County Update: COVID-19, 1 year ago
For Steamboat Pilot & Today
STEAMBOAT SPRINGS — A year ago, on March 13, the Routt County Board of Commissioners officially declared a state of emergency in response to the spread of COVID-19. I don’t think any of us at that time could have imagined the full scope of the impacts the pandemic would visit upon vulnerable populations, businesses, students and the economy. Here in Routt County alone, over 1,800 people have tested positive for the virus and, tragically, at least 19 of our friends and neighbors have died. Sometimes, statistics obscure the real pain and suffering of people in our community.
But now, as vaccines become increasingly available and case counts fall, we can begin to look ahead to the summer when we will hopefully be able to resume normal activities. Families will be able to reunite, businesses can resume normal operations, and we will finally be able to share a meal with good friends. Most importantly, our kids will be able to resume full-time in-person learning and participation in essential extracurricular activities.
We have learned a number of lessons from the pandemic. We now better understand the critical role a robust public health system plays in our community. While our ability to respond to a public health crisis like the coronavirus pandemic is crucial, so too is our capacity to support the health of our citizens across a broad range of needs. Over the next several months, our public health officials will continue to focus on distributing vaccines, testing individuals for the coronavirus and doing everything they can to bring this pandemic under control. At the same time, they are anxious to refocus their efforts on suicide prevention, childhood immunizations, maternal health, health education and surveillance and response to other diseases.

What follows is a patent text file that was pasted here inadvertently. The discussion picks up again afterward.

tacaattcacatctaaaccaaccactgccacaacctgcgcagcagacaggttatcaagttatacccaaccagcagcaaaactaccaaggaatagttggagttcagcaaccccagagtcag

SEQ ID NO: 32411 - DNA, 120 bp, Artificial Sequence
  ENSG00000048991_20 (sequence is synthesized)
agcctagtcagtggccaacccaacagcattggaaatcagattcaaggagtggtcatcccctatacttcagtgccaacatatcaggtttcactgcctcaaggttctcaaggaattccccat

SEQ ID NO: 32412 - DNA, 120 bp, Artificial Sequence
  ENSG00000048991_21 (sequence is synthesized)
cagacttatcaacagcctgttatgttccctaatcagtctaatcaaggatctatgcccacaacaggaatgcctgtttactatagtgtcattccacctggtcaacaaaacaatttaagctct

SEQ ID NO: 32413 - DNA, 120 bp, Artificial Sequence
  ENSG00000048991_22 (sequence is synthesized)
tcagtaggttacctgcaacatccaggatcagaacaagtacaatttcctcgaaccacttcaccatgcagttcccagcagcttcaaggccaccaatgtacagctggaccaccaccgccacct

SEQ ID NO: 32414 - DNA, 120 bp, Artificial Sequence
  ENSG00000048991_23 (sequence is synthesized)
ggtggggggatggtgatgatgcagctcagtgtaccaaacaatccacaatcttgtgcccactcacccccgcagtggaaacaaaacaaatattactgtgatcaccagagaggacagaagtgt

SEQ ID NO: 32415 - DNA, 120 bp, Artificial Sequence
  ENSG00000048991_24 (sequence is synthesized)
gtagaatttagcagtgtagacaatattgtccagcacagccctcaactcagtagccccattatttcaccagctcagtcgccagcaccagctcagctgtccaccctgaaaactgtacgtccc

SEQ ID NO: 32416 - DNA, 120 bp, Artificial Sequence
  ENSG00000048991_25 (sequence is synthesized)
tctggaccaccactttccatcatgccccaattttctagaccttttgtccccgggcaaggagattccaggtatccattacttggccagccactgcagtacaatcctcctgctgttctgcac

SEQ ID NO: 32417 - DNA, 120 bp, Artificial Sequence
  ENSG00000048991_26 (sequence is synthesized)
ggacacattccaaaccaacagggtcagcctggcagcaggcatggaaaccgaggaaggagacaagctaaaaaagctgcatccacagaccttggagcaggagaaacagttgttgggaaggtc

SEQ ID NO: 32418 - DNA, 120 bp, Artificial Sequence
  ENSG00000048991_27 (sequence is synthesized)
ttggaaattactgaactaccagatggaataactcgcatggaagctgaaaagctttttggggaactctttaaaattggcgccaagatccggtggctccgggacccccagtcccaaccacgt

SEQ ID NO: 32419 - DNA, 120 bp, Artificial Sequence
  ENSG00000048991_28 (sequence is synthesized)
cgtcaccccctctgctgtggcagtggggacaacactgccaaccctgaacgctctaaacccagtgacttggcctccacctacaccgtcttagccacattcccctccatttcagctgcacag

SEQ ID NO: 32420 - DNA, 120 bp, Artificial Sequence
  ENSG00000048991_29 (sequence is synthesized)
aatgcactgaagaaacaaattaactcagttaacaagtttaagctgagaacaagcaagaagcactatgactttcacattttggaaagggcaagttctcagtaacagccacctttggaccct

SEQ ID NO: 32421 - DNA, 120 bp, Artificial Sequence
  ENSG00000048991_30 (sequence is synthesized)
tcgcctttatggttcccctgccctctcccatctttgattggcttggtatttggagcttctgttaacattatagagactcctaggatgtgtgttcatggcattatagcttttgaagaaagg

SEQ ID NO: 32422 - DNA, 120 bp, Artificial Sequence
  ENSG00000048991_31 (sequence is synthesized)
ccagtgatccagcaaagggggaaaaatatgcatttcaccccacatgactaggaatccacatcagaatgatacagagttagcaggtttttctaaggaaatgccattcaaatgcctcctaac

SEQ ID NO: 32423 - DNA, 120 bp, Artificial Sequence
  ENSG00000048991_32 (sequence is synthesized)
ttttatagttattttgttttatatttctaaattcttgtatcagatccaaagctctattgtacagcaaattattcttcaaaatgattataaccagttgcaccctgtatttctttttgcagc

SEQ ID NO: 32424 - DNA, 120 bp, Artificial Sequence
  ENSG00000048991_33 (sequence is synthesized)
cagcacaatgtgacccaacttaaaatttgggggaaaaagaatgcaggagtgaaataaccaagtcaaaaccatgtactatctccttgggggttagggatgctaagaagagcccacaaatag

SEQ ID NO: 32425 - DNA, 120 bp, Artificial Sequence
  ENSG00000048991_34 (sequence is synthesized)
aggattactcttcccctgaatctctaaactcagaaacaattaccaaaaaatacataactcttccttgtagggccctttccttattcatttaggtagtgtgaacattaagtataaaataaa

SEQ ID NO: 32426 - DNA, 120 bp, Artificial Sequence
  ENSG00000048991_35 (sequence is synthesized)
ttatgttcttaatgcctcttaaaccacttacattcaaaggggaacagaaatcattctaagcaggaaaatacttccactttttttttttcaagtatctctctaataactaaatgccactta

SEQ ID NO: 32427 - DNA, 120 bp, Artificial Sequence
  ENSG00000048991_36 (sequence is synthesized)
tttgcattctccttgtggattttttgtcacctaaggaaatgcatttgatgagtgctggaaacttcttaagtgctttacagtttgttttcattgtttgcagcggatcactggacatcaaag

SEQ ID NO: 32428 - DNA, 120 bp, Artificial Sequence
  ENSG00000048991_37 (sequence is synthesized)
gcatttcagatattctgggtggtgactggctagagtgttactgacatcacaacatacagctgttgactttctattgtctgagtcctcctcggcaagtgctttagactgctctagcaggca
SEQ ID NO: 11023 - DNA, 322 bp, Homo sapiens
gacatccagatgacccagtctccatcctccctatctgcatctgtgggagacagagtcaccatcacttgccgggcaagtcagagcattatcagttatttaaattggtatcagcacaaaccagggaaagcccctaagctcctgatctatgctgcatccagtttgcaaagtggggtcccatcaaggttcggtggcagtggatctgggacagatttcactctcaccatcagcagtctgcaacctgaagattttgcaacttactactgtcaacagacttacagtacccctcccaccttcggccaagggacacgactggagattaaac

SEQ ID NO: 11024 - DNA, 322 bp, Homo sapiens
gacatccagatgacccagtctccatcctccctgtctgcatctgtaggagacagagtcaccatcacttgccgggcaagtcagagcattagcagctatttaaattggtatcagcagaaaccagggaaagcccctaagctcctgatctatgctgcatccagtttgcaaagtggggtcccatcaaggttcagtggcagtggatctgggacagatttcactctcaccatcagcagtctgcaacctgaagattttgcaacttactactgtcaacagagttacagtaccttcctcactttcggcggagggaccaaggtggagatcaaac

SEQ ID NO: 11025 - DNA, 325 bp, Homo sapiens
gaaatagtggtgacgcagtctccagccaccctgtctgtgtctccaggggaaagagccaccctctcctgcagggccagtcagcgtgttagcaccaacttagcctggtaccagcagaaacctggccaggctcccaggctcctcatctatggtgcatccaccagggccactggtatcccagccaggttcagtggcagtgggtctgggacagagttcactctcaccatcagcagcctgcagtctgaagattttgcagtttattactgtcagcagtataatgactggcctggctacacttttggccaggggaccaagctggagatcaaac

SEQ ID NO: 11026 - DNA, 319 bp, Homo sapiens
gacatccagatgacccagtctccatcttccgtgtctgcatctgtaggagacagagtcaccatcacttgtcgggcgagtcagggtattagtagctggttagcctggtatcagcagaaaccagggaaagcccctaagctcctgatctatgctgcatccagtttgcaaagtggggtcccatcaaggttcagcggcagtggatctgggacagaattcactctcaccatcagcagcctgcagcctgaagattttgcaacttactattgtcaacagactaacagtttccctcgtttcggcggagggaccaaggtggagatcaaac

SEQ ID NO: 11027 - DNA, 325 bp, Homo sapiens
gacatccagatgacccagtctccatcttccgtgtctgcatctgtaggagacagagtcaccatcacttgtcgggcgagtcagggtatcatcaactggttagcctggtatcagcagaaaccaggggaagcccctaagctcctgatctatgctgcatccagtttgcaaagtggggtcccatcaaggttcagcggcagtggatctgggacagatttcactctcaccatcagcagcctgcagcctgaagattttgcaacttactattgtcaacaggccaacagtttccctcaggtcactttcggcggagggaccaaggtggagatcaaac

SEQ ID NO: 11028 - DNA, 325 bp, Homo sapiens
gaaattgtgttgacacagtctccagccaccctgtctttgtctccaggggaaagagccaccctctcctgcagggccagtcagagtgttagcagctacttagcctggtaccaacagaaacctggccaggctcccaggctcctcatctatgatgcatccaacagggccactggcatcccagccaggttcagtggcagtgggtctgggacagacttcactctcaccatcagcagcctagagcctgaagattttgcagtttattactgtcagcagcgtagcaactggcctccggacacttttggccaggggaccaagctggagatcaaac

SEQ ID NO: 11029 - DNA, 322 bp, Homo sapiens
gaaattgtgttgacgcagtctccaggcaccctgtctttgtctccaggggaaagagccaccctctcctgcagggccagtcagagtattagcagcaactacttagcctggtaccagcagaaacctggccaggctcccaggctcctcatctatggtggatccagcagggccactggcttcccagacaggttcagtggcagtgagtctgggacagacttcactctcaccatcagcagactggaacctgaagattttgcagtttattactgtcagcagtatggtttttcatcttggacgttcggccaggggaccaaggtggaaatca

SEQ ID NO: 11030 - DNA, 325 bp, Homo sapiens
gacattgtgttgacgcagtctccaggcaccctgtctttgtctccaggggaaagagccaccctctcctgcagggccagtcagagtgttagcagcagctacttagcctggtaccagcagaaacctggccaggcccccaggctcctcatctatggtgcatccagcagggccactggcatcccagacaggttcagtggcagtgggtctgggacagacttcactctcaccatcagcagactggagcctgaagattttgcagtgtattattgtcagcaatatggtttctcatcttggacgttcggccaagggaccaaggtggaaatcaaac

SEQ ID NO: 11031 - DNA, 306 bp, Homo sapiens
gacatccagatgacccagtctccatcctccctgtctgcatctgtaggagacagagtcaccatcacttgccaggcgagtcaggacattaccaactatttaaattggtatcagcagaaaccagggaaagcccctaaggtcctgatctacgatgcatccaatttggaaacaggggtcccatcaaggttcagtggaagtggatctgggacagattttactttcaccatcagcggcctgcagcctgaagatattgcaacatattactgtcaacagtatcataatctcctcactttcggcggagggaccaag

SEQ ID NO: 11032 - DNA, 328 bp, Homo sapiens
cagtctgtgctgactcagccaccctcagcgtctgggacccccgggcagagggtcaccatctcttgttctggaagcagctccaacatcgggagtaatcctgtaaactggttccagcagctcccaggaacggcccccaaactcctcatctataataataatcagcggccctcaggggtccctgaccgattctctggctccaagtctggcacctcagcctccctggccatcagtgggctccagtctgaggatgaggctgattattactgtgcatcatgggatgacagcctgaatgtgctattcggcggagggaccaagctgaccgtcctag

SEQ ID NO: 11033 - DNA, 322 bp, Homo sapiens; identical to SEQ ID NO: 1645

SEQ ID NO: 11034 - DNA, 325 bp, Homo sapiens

I have been gratified to see the ability of our schools, businesses, governmental and nonprofit entities and our citizens adapt to the challenges presented by the pandemic. We recognize these impacts have not been evenly distributed. In particular, many of our schoolchildren have been deprived of a year of in-person education and participation in activities. We must not only work to get our kids back in school but find ways to help these students catch up. And we need to continue to provide support for businesses and employees that have lost income and jobs.
As the end of the pandemic comes into view, we can now get back to work on the myriad issues we face in Routt County. We worked hard during the pandemic to continue to provide basic services to our citizens. We can now look forward to working on an update to our Master Plan, addressing affordable housing, extending broadband to our outlying areas, improving our transportation systems, mitigating wildfires and working to support our citizens that may be struggling with mental health or substance-abuse challenges.
The pandemic created real problems in our community. We saw the discord that public health orders could cause and widely diverse opinions on how best to address the pandemic. Fortunately, here in Routt County, our citizens were able to come together — even if we didn’t fully agree — and worked together to control the pandemic. We have learned a lot, and I look forward to applying those lessons to our ongoing challenges.
Tim Corrigan is chairperson of the Routt County Board of Commissioners.
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